Well over 370 million iPads have been sold since the tablet’s debut in 2010. Congrats, Apple. The versatile device is indeed an electronic jack of all trades, but can you bullet journal on an iPad?
Yes! An iPad is the perfect platform for creating and maintaining your digital bullet journal. Along with a stylus such as the Apple Pencil, a robust note-taking app such as GoodNotes, and a drawing app like Procreate, you can make an amazing BuJo without wasting paper.
Environmentalists and tech nerds – rejoice and unite!
Is There an App for Bullet Journaling?
Perhaps you’re really digging the BuJo concept but are reluctant to get started because of the inconveniences inherent to analog. No worries! There are more and more apps across multiple platforms that incorporate the bullet journaling system as designed by Ryder Carroll.
For example, if all you need is a bare-bones, no-fuss app for rapid logging, here are a few excellent options:
- Elisi (for all platforms)
- Trello (for all platforms)
- Taskade (for all platforms)
- Dynalist (for all platforms)
- NotePlan (for macOS & iOS)
But – and I can already sense it – you’re more of an AmandaRachLee, right? If you’re gonna be loyal to your BuJo, you’d better infuse some artistic sense into it. And the apps above? Unfortunately, they’re too rigid for this intent.
Are there better bullet journaling apps out there for Apple fanatics who are creatively inclined? Absolutely, there are!
What is the Best Bullet Journal App for iPad?
The best note-taking app for the iPad, in our books, is GoodNotes. However, we also supplement it with Procreate for maximal creative leeway. Together, Casey and I feel these two apps combine to form the ultimate bullet journaling suite on iOS – a dynamic duo of sorts.
Perks of Using GoodNotes
What is GoodNotes? GoodNotes is a handwriting app exclusive to iOS and macOS. It turns your touchscreen into a digital piece of paper and any registered contact, such as from a fingertip or stylus nib, into an electronic pen stroke that isn’t confined to a “text box”.
GoodNotes is ideal for an iPad bullet journal because
- it lets you freely mark up and annotate your documents (PDFs, JPGs, PNGs, etc.) without restrictions;
- it has a staggering amount of typography options that can transform your stylus into any kind of writing tool imaginable;
- it lets you draw freeform lines and shapes, which are the necessary building material for custom layouts, trackers, and spreads;
- it enables you to import new creative elements such as fonts, templates, stickers, images, and so much more;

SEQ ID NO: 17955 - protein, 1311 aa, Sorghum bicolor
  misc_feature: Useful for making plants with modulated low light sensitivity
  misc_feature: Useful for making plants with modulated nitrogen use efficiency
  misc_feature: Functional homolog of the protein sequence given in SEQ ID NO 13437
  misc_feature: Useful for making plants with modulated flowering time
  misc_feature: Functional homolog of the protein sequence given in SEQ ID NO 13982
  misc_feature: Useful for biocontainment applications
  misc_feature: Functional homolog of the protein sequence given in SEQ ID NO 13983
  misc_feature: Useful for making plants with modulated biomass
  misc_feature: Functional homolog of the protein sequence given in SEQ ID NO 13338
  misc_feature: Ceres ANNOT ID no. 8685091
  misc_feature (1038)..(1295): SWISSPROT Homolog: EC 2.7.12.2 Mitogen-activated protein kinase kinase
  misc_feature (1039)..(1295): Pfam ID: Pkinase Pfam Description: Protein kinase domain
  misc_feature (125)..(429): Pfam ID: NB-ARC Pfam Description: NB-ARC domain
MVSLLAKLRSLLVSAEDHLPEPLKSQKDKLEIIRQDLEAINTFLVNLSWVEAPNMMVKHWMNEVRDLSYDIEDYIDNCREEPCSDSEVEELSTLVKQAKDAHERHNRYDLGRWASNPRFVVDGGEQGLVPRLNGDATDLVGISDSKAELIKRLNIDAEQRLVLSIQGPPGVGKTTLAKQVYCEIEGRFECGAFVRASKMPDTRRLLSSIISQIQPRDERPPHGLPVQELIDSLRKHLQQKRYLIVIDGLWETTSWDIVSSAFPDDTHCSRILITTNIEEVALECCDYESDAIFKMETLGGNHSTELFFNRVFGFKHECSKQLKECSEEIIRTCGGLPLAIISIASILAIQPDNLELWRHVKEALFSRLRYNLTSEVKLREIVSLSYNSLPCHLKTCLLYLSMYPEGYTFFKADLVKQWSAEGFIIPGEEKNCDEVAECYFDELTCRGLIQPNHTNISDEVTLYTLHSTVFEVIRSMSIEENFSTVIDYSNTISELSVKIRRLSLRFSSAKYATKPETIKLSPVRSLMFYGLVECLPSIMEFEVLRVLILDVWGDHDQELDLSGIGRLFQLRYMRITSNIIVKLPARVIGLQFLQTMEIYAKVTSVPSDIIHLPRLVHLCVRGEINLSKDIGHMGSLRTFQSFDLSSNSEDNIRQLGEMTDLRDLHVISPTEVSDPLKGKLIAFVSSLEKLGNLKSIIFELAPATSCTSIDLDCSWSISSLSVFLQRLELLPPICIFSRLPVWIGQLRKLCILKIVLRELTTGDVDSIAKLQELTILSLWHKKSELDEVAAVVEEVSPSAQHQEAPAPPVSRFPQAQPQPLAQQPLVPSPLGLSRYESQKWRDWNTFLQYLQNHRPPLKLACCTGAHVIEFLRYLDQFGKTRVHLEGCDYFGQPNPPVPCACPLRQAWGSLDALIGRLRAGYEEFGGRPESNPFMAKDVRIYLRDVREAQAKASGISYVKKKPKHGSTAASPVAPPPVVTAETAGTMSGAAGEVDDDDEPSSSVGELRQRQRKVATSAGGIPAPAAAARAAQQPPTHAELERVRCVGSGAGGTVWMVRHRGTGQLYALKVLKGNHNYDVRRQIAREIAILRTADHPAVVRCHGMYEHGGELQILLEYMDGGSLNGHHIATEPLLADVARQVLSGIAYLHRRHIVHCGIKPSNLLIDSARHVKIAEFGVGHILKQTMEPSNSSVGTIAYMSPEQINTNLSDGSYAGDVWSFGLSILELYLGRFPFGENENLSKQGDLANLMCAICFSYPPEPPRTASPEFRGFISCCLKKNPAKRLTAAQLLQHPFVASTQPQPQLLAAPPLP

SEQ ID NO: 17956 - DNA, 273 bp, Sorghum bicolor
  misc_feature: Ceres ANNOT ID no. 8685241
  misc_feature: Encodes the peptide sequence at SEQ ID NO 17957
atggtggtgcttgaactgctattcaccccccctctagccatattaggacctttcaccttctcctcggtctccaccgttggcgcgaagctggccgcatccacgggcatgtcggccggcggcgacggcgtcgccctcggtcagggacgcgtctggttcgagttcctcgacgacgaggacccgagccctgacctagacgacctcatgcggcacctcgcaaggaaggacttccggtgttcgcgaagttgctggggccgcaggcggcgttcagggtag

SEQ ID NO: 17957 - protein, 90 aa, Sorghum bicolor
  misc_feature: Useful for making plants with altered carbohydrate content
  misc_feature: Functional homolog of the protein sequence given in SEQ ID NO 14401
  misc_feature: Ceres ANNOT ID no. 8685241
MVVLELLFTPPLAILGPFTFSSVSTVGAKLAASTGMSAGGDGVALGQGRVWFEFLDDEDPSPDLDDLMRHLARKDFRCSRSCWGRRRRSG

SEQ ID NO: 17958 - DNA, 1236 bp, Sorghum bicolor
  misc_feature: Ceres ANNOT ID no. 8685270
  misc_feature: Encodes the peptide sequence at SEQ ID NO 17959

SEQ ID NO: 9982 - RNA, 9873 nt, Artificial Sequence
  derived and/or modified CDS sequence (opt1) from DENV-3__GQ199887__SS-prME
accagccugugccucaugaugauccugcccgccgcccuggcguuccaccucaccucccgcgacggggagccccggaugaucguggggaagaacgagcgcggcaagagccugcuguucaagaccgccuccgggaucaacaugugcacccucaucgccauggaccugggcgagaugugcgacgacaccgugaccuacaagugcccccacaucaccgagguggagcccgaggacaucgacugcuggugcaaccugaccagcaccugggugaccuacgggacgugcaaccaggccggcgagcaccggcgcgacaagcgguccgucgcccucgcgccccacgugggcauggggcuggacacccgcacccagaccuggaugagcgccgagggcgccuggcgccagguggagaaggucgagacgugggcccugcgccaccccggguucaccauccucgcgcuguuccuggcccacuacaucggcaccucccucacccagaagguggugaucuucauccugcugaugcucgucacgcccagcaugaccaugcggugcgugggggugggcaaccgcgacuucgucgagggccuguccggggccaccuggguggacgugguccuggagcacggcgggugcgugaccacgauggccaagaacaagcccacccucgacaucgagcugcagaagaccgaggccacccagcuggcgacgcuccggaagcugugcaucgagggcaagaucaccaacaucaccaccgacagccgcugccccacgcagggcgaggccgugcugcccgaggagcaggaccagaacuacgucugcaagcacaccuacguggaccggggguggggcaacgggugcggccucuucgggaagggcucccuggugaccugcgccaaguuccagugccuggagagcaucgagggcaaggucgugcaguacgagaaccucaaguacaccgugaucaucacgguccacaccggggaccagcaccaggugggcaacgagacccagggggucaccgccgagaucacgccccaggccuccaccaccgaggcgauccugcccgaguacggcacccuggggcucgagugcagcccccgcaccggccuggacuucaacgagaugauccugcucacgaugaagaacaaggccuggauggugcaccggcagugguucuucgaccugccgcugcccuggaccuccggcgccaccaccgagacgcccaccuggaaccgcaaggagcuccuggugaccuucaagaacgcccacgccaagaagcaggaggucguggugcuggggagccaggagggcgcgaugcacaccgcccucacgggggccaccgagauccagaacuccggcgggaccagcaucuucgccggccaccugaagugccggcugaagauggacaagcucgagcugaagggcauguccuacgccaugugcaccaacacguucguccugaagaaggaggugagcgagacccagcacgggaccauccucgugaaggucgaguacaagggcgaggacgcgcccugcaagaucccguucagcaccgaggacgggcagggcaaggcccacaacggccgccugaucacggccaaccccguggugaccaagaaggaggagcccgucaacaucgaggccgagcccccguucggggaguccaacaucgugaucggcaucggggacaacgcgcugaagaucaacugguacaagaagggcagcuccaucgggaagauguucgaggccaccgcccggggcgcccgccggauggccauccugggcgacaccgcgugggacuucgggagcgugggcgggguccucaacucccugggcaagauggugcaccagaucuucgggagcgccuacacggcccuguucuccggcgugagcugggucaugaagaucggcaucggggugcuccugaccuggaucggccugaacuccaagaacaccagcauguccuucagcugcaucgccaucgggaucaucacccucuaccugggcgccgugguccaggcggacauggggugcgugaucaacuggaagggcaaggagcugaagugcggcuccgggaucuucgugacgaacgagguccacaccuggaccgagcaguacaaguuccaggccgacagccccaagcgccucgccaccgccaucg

- it is stupidly easy to use;
- it is backed by a large, active community that loves to share;
- it is well-supported by the developer, streamlined for accessibility & security, and up-to-date.
Perks of Using Procreate
What is Procreate? Akin to Photoshop for the iPad, Procreate is a deceptively powerful illustration app. When Casey first bought the app, I thought it would be a mere toy like Microsoft Paint. But I’ve since learned that Procreate’s immense capabilities allow digital artists to create stunning works rivaling those of the Photoshop breed.
Procreate lets you
- efficiently create custom graphics such as backgrounds, spreads, stamps, and templates;
- design things as you would in Photoshop (think of layers, blend modes, filters, brushes, levels, masks, etc.);
- seamlessly import your work into GoodNotes, with just a tap of the stylus.
Why use GoodNotes and Procreate together? GoodNotes provides you with the functional aspect of a bullet journal and Procreate provides the artist’s outlet. This means unparalleled, synchronized organization along with spiffy visuals.
How to Make a Digital Bullet Journal on an iPad
Things you’ll need:
- Apple Pencil
- GoodNotes (one-time cost of $7.99 USD)
- Procreate (one-time cost of $9.99 USD)
Once you’ve got GoodNotes and Procreate, play around with their features for a bit. It should take you no time at all to understand how GoodNotes works. It will take more time to familiarize yourself with Procreate because of all its tools, but I’m sure it’ll be fun.
The concept of making a digital bullet journal on the iPad is very simple. You’ll be creating a new “Notebook” document in GoodNotes, in which all of your BuJo ideas will go. And, if you’re unable to realize your ideas with GoodNotes alone, that’s what Procreate is for.
Set Up Your BuJo in GoodNotes
- To create a brand new bullet journal in GoodNotes, navigate to the Documents tab within the app and click “New…” followed by Notebook in the dropdown menu.
- A “New Notebook” pane should pop up, allowing you to customize your digital project. You can choose to include a cover; select the paper size, color, and template; adjust the orientation, and input the title.
That’s all there is to getting started! Like a three-ring binder, you can add or remove pages at will.
Also, you can change any property of your notebook at any time. However, once you accumulate many pages of annotations and doodles, changing the underlying template might visually displace your content and make it tedious to align everything to the new setup.
Give Your Digital BuJo a “Realistic” Feel
Bullet journaling on an iPad is certainly convenient, but sometimes I do miss the nostalgia of paper. Here are two ways to bring back the analog touch – sort of.
The “Open-book” Template